Get Back to Your Roots.
With many of us staying home while social distancing, our routines have been shaken up. Whether that means home-schooling children, exercising in your living room, or watching more television than normal, one thing is certain, we could all use the benefits of fresh air and outdoor activities. Here are three of our favorites from the Ranch you can do by yourself or with your family to get your steps in, learn something new, or simply just change your scenery.
Outdoor Alphabet Hunt
Here’s a fun and easy activity to entertain young children and kids at heart. Walk outside and observe the nature that surrounds you. Take time to notice all of its elements, big and small. Find something that starts with each letter of the alphabet and write it down. If a friendly competition will motivate you, try timing yourself or race a family member. Once you’ve finished A through Z, select the one that inspires you most and draw or paint it for a keepsake.
Nature or Forest Therapy Walks
Perhaps you are familiar with yoga or meditation practice and know how to ‘get in the flow’ or ‘calm your mind.’ Forest therapy is a bit like that, although nature acts as your inner touchstone and offers the tools to connect. Combining the many health benefits of being outside with the practices of meditation allows you to melt into a space and create fertile ground for exploration, relationship building, and self-discovery.
Forest therapy walks, inspired by the Japanese practice of Shinrin Yoku (Forest Bathing), cover less than a mile over a 2- or 3-hour timeframe. Anyone can do it as it is a meander more than a walk with the focus exclusively on being present to the tiniest details and creatures. Take a walk by yourself, with your spouse, or with your whole family. Slow down to embrace mindfulness, let your mind play, feel your breath, and connect with the healing gifts of nature.
Spring is here. What better way to preserve the blooming flowers than through the art of flower pressing? The first step is to choose your flower arrangement. David Murphy, the Ranch’s lead gardener, strategically plants many flowers around the resort including petunias, calendula, pansies, salvia, and dianthus. Just as David works hard to develop our landscape, you too can learn which flowers are best to press and the methods for doing so. Flat flowers such as violets, daisies, pansies, cosmos, poppies, and larkspur press more easily. Thick blooms should be cut in half to help them lay flat. Flowers also keep their appearance and colors vibrant if pressed when fresh. Place flowers in a sealable plastic bag or keep hydrated in water until you are able to press them.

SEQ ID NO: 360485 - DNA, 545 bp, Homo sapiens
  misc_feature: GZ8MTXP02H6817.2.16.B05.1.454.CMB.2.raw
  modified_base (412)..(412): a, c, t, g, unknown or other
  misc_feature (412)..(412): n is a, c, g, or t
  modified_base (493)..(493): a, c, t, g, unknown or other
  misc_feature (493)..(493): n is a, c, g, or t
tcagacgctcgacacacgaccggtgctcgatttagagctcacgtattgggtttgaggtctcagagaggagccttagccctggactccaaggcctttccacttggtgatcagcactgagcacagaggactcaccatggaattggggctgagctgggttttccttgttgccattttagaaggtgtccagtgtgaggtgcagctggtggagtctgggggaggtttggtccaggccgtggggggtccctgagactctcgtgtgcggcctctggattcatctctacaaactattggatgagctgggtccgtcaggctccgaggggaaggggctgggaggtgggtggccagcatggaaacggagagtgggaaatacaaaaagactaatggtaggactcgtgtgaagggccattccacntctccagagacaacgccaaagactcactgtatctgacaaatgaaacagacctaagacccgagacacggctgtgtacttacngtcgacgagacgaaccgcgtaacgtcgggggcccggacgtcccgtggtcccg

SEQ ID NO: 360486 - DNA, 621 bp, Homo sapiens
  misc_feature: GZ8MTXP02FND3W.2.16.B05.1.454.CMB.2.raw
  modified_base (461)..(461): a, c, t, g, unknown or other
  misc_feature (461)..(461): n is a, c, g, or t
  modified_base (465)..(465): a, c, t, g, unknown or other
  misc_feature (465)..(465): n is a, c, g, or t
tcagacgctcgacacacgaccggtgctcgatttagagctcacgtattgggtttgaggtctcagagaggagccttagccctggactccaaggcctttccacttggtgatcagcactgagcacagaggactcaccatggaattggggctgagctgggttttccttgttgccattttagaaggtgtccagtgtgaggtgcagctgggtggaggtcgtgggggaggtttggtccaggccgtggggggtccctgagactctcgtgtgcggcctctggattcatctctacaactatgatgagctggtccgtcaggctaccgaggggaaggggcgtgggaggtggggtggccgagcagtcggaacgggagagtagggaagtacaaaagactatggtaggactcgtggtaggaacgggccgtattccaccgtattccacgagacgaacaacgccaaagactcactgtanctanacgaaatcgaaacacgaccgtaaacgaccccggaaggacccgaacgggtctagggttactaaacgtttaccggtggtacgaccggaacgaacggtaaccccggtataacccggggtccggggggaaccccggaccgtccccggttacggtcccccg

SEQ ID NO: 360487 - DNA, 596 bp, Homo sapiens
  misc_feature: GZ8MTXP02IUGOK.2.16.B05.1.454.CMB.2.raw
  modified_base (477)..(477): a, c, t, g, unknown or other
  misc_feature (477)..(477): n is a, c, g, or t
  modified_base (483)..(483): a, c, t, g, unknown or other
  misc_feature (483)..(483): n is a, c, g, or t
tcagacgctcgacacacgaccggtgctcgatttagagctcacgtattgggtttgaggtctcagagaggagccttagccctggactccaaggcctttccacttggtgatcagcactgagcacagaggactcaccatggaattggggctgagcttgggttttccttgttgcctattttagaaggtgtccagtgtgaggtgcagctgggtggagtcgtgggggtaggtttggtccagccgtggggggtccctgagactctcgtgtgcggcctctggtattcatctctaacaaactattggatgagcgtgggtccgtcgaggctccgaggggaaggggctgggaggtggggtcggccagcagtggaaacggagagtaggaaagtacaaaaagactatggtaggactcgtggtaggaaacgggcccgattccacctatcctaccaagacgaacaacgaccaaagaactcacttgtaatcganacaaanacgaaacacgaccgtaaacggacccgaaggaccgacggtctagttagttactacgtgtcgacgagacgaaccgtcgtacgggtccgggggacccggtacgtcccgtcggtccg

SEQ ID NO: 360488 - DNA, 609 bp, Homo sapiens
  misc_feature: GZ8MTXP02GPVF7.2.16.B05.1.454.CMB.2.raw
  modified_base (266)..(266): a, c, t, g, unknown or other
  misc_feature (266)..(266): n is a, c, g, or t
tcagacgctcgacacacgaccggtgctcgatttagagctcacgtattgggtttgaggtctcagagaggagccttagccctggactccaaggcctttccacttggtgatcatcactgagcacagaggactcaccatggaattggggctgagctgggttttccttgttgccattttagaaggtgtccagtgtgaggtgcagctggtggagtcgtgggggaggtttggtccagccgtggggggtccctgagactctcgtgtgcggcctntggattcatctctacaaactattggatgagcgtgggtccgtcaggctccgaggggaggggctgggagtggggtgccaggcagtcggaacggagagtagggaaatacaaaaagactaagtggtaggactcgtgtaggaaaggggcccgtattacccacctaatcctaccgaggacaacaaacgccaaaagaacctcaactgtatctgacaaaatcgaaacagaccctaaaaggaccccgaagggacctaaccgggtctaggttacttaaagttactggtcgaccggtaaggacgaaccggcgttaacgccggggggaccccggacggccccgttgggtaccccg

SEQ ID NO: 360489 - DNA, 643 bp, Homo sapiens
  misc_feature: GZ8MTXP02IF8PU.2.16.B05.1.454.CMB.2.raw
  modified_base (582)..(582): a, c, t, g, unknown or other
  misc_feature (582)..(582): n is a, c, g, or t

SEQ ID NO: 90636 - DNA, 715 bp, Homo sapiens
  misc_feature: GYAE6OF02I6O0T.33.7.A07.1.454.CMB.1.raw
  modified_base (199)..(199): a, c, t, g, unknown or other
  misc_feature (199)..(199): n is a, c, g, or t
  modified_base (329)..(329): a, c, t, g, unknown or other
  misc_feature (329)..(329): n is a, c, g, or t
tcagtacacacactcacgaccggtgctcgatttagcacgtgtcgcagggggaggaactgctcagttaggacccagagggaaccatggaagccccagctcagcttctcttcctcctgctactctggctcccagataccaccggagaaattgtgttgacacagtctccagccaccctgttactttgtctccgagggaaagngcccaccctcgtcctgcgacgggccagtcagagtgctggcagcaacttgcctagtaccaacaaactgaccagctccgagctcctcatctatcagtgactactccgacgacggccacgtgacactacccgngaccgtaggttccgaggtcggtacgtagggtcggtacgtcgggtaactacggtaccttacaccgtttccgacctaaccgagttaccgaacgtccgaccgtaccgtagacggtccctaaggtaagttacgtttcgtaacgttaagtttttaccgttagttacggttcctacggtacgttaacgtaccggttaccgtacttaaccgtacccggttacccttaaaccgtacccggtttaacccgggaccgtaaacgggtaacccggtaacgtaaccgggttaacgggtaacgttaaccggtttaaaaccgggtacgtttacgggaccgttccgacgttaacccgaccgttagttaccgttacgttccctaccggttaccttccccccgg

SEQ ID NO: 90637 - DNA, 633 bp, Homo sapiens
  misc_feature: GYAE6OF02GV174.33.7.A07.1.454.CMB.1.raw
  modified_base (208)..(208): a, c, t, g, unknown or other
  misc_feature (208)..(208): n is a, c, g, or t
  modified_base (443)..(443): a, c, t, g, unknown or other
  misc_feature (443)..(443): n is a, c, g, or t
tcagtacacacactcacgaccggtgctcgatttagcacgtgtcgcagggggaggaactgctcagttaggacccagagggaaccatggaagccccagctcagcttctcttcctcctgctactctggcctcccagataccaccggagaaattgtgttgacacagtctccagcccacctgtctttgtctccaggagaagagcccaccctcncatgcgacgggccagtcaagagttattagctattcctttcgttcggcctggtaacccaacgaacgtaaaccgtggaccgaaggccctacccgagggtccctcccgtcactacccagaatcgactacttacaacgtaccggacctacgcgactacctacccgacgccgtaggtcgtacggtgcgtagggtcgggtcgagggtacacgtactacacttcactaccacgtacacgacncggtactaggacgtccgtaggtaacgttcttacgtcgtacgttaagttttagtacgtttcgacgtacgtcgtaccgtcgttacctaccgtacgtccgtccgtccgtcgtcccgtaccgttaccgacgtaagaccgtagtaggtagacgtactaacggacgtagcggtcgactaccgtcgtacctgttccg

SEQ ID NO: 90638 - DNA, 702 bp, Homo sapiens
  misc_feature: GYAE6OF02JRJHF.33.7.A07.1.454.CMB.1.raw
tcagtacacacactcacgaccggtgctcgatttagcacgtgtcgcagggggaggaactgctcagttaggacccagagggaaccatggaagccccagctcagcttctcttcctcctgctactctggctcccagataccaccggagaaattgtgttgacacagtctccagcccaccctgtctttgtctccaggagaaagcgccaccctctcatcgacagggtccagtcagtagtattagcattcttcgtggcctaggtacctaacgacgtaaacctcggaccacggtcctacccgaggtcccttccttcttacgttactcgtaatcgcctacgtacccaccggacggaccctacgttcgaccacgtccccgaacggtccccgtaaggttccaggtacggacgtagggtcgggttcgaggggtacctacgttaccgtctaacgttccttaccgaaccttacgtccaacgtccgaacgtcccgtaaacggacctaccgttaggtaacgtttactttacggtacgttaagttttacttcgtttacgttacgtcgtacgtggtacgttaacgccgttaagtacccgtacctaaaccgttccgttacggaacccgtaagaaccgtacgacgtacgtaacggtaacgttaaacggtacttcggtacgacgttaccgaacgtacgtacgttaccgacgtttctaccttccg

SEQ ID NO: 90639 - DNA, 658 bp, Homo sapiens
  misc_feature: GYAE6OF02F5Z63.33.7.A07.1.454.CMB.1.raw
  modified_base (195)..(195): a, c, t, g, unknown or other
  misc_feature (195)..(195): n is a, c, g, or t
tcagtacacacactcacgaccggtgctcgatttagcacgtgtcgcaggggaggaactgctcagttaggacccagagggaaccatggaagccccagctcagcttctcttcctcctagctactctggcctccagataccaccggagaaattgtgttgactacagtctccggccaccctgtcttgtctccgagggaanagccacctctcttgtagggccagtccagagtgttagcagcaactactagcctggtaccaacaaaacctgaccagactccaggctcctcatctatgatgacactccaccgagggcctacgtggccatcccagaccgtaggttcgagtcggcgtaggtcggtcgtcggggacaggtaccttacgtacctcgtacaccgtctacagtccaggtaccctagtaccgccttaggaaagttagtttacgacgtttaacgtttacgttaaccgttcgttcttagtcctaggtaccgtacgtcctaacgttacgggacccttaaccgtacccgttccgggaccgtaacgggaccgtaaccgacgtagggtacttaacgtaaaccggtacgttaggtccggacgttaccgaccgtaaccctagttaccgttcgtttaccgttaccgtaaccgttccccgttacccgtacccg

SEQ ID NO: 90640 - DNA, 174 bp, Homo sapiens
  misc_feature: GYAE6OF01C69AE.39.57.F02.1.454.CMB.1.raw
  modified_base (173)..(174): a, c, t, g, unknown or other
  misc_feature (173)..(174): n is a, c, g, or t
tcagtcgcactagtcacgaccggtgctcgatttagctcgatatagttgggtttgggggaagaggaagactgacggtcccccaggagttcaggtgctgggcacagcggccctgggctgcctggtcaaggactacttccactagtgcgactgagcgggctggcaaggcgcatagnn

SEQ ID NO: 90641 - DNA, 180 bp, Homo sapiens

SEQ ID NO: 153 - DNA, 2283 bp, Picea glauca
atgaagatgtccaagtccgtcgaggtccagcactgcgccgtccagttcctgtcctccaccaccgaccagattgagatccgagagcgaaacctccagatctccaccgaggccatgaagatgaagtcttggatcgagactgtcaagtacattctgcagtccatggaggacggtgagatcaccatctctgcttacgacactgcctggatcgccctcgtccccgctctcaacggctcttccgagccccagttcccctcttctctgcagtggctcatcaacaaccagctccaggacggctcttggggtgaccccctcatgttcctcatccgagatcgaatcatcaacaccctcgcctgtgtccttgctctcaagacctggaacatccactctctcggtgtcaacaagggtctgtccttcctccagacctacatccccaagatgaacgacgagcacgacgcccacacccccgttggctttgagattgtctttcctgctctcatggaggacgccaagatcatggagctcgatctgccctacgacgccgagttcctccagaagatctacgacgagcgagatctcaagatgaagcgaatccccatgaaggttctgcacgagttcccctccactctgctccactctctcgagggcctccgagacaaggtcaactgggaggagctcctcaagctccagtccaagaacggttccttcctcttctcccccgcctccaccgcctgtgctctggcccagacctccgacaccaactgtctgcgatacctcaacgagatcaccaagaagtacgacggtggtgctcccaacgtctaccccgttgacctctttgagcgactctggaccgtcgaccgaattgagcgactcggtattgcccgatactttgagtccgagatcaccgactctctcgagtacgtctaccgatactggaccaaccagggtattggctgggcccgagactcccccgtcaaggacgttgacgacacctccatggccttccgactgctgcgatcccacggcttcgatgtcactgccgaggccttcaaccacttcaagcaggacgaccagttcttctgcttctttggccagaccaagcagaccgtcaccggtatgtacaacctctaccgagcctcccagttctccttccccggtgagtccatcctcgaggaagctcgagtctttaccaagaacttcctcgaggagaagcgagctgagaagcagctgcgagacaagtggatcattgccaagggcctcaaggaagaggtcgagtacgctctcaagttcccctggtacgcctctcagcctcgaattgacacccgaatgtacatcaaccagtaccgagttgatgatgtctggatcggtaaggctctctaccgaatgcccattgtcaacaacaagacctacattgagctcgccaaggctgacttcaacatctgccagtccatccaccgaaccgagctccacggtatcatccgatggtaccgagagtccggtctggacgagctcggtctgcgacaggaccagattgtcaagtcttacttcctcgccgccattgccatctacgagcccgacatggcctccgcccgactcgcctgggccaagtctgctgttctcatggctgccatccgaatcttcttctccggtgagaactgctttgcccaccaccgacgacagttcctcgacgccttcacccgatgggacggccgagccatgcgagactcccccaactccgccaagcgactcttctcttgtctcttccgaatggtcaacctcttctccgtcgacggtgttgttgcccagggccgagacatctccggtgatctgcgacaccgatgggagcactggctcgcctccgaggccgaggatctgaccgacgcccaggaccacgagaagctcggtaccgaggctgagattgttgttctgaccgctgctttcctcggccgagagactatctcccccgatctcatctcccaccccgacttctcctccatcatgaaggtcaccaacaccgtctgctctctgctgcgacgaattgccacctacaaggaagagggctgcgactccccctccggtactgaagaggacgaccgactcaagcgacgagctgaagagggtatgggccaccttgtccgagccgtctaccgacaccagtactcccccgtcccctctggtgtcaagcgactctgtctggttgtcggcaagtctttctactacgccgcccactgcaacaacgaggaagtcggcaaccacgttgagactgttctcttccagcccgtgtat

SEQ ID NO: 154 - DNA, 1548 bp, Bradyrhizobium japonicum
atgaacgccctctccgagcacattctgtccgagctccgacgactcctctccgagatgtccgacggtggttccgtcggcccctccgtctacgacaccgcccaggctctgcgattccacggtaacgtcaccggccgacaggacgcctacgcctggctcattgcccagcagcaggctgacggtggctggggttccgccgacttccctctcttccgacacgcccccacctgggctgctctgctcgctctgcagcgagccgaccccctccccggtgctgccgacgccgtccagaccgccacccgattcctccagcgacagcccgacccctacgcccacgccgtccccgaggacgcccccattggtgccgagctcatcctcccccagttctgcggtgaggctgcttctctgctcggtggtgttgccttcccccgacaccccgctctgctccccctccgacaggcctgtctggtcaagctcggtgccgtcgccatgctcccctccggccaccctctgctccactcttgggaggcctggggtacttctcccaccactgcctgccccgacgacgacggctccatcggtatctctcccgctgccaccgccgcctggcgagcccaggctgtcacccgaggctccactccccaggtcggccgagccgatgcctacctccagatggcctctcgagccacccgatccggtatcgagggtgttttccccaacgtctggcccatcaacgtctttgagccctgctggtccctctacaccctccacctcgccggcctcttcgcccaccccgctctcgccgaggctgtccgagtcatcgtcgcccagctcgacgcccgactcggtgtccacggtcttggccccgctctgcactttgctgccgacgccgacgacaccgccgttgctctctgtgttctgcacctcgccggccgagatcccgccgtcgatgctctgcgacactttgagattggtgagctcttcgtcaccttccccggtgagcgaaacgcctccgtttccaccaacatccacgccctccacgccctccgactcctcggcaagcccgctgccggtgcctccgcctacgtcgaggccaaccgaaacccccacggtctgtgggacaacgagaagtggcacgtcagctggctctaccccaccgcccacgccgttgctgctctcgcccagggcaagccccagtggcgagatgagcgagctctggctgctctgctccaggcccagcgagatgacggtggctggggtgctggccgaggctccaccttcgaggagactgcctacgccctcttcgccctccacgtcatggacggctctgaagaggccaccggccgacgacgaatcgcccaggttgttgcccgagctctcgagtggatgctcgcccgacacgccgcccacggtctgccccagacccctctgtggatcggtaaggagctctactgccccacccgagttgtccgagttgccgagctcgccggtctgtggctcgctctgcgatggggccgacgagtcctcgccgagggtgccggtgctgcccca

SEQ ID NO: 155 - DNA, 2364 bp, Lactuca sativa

Once you have picked your flowers, place the blooms between two pieces of paper showcasing the middle of the flower and smoothing out any wrinkles in the petals. Printer paper, wax paper, coffee filters, or sketch paper all work fine. To press and dry your flowers in a book, place the paper with them inside between book pages and layer additional weight on top for about 3 weeks or until dry. The moisture from the flower may transfer onto the book, so you may want to use an old book that you don’t mind getting a little wet. For a quicker method, you can also iron the flowers by carefully placing an iron on low heat and with no water inside on top of the paper and holding it stationary for about 15 seconds. You may need to repeat this process a couple of times until the flower is dried out and stiff.
Once pressed, there are so many ways to display your flowers, including wall art, greeting cards, bookmarks, children’s placemats, and even adding a pop of color to a clear cell phone case!